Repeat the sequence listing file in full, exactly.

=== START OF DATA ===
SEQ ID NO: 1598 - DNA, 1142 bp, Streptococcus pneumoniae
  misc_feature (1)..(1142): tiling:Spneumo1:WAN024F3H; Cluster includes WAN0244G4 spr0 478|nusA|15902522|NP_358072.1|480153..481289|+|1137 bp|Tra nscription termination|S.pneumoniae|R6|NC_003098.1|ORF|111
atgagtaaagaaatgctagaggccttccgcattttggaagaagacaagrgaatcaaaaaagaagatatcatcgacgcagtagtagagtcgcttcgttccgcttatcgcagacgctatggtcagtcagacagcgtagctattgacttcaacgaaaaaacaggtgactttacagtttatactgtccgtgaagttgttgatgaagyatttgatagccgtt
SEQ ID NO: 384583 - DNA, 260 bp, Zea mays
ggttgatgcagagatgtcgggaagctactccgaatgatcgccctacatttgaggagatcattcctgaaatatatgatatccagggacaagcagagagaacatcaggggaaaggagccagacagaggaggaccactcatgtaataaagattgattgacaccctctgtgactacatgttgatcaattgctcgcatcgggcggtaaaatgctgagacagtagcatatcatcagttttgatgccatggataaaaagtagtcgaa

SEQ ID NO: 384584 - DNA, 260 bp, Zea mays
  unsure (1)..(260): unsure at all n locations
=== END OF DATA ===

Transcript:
SEQ ID NO: 1598 - DNA, 1142 bp, Streptococcus pneumoniae
  misc_feature (1)..(1142): tiling:Spneumo1:WAN024F3H; Cluster includes WAN0244G4 spr0 478|nusA|15902522|NP_358072.1|480153..481289|+|1137 bp|Tra nscription termination|S.pneumoniae|R6|NC_003098.1|ORF|111
atgagtaaagaaatgctagaggccttccgcattttggaagaagacaagrgaatcaaaaaagaagatatcatcgacgcagtagtagagtcgcttcgttccgcttatcgcagacgctatggtcagtcagacagcgtagctattgacttcaacgaaaaaacaggtgactttacagtttatactgtccgtgaagttgttgatgaagyatttgatagccgtt
SEQ ID NO: 384583 - DNA, 260 bp, Zea mays
ggttgatgcagagatgtcgggaagctactccgaatgatcgccctacatttgaggagatcattcctgaaatatatgatatccagggacaagcagagagaacatcaggggaaaggagccagacagaggaggaccactcatgtaataaagattgattgacaccctctgtgactacatgttgatcaattgctcgcatcgggcggtaaaatgctgagacagtagcatatcatcagttttgatgccatggataaaaagtagtcgaa

SEQ ID NO: 384584 - DNA, 260 bp, Zea mays
  unsure (1)..(260): unsure at all n locations